RSpec is consists of several libraries that are meant to function together but may also be used along with other testing tools such as Cucumber or Minitest. RSpec bases on the following components:
- RSpec-core: The spec runner, which includes a robust command-line interface, configurable and customized reporting, and an API for organizing code samples. 3.10 is the latest version.
- RSpec-expectations: A straightforward API for expressing expected results of a code example. 3.10 is the latest version.
- RSpec-mocks: A test framework that provides various false objects to allow you to manage the environment in which your specs execute precisely. 3.10 is the latest version.
- RSpec-rails is an abbreviation for Rails Specification Specification Rails Supports using RSpec instead of Rails’ built-in test framework to test Ruby on Rails apps. Versions available: 5.0
Rspec with Ruby
Rspec is a Ruby testing tool designed for behavior-driven development (BDD). In production applications, it is the most often used Ruby testing library. Even though it includes a highly comprehensive and sophisticated DSL (domain-specific language), it is fundamentally an essential tool that you can get started with quickly.
Kent Beck’s book Extreme Programming Explained, published in 2000, was the first to popularise the concept of test-driven development (TDD). Instead of developing tests for every piece of code that a user has, it operates in a red-green loop:
- Create the tiniest test case that corresponds to what needs to program.
- Perform the test and observe how it fails. It prompts the user to consider how to write only the code required to pass the test.
- To pass the test, write some code.
- Execute the tests in your suite. Repeat the 3rd and 4th procedures until all tests pass.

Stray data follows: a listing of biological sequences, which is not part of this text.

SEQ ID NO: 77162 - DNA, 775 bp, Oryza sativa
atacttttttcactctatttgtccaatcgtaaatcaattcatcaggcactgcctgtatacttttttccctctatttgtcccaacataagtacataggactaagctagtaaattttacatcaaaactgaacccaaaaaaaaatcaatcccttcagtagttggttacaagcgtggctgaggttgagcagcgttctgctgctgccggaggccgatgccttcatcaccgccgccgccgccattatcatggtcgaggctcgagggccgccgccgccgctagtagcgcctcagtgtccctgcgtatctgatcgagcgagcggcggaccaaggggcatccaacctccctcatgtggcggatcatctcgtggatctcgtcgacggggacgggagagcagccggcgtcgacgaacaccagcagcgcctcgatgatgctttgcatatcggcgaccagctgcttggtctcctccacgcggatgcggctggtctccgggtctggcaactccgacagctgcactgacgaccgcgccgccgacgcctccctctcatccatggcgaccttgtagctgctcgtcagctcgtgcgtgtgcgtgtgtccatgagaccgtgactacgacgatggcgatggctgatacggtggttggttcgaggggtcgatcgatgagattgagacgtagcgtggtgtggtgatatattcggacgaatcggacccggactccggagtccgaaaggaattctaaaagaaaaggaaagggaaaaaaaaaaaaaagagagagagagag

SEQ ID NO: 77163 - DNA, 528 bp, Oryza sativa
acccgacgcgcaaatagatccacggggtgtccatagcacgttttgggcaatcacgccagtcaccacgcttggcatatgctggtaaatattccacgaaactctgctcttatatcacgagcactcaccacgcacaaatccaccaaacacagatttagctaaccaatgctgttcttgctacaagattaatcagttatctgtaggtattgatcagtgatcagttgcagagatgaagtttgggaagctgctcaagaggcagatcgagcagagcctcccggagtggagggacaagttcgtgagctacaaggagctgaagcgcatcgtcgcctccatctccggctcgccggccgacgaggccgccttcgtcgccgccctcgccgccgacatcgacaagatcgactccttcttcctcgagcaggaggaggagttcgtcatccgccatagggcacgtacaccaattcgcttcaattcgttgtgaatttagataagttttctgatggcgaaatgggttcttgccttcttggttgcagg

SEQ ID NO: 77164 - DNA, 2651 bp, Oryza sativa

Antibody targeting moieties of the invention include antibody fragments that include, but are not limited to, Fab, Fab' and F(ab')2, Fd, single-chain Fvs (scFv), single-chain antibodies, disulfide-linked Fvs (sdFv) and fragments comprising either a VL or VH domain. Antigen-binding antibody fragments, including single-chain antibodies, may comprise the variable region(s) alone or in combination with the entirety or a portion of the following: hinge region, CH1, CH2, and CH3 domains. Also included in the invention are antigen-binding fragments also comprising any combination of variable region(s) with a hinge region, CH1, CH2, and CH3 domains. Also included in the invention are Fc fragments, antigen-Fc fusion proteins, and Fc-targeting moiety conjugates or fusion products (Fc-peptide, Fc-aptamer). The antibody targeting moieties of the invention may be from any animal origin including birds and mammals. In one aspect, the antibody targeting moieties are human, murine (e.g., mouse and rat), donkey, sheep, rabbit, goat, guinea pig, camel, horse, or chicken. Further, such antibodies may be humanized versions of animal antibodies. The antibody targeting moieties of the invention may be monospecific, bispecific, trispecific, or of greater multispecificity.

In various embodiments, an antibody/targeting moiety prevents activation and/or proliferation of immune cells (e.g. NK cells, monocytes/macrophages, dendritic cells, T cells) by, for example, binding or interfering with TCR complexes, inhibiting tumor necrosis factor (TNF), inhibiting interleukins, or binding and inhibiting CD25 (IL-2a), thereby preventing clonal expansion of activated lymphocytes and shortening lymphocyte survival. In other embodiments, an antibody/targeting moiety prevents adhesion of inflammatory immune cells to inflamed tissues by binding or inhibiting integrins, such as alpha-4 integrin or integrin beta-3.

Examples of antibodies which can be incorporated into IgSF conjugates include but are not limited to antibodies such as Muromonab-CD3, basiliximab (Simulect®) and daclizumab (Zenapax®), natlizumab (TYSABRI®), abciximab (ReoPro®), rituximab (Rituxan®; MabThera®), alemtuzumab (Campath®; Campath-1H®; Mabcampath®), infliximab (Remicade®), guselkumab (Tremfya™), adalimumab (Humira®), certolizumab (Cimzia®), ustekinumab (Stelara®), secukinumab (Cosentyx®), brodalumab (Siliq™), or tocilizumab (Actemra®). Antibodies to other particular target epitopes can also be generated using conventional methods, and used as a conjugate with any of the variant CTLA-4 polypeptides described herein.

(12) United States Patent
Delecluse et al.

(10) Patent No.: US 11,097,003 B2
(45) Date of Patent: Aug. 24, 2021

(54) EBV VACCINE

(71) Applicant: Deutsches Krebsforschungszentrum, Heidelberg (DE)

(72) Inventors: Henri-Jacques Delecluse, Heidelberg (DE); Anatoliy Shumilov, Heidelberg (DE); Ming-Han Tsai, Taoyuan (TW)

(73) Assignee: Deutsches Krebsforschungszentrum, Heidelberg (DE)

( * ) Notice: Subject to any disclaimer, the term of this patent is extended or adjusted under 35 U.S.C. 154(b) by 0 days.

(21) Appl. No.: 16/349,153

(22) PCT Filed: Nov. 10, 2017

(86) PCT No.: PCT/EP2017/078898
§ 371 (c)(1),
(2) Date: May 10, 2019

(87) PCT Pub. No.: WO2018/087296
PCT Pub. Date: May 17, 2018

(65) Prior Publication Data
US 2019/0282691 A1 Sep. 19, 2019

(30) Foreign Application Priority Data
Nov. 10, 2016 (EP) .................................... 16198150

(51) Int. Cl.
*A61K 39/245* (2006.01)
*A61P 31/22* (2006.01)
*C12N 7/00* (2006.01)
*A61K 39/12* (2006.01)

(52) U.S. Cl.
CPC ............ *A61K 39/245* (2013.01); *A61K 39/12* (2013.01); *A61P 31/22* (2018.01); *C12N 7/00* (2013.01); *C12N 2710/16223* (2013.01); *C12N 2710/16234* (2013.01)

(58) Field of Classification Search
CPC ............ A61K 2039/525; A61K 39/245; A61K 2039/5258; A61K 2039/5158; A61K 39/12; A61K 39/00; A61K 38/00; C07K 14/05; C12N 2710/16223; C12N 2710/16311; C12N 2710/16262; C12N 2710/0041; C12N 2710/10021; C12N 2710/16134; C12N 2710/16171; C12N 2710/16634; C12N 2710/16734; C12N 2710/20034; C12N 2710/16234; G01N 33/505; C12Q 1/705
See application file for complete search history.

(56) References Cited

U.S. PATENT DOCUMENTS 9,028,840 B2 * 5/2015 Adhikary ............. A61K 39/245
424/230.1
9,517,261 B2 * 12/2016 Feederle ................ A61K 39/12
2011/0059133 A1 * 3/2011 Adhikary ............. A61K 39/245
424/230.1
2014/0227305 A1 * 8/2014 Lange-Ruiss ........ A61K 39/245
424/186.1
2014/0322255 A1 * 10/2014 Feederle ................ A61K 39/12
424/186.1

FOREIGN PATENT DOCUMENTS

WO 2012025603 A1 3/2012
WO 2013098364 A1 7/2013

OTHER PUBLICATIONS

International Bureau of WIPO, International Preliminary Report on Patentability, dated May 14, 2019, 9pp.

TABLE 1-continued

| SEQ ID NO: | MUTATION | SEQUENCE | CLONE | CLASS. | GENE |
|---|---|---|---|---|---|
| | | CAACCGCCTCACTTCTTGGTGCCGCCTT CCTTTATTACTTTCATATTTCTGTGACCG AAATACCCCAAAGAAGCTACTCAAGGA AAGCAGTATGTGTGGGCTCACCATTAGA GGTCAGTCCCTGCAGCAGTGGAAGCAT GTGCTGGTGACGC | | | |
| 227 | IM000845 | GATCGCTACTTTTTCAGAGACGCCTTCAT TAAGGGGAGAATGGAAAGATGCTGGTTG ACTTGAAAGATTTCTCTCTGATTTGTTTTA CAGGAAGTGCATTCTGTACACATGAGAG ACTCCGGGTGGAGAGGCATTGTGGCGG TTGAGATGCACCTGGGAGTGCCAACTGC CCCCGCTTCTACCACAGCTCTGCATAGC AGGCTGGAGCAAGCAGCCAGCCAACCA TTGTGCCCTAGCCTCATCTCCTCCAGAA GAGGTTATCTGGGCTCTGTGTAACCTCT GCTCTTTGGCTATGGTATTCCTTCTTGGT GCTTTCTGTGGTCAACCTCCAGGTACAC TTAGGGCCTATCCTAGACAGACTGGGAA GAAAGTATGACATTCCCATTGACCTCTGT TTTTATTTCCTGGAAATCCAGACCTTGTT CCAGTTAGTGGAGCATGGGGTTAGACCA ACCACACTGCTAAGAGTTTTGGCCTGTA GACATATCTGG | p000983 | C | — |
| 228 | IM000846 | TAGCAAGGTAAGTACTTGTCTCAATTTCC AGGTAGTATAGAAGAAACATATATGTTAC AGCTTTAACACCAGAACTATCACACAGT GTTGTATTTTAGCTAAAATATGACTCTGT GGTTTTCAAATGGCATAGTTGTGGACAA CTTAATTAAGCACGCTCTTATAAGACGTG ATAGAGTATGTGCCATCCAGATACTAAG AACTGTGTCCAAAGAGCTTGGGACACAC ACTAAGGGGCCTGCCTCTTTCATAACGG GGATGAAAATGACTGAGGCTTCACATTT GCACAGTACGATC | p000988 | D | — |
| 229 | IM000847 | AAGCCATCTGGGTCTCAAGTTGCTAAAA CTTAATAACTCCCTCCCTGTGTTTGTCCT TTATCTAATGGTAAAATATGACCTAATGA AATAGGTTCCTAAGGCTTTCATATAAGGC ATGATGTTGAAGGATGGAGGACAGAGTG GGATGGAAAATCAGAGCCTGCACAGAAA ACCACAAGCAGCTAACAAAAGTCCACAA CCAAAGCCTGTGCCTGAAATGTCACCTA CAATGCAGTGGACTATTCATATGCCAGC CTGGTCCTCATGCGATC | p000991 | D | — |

- Refactor the new code to make it as basic and obvious as possible while maintaining a green test suite.
This methodology necessitates a “step zero”: pausing to consider the build and how to do it. It’s easy to lose focus, write extraneous code, and get stuck when the user constantly starts implementing. TDD is the foundation for behavior-driven development (BDD). The goal is to write tests as behavior descriptions for the system. It’s about taking a new approach to the same problem, which leads to clearer thinking and easier-to-understand and maintain tests. It is easier to design better implementation code as a result.
Make a new directory and paste the code below into the Gemfile.
# Gemfile source "https://rubygems.org" gem "rspec"
To install the newest RSpec and any relevant dependencies, open the project directory in the terminal and type bundle install —path.bundle. It would produce something similar to the following:
$ bundle install --path .bundle Fetching gem metadata from https://rubygems.org/........... Resolving dependencies... Using bundler 2.1.4 Fetching diff-lcs 1.3 Installing diff-lcs 1.3 Fetching rspec-support 3.9.2 Installing rspec-support 3.9.2 Fetching rspec-core 3.9.1 Installing rspec-core 3.9.1 Fetching rspec-expectations 3.9.0 Installing rspec-expectations 3.9.0 Fetching rspec-mocks 3.9.1 Installing rspec-mocks 3.9.1 Fetching rspec 3.9.0 Installing rspec 3.9.0 Bundle complete! 1 Gemfile dependency, 7 gems now installed.
When new users begin testing, they frequently fall into the trap of designing tests that do too much, test too little, and take intense concentration to grasp what is going on. Test-unit, a unit testing framework included in Ruby’s standard library, is used in this example.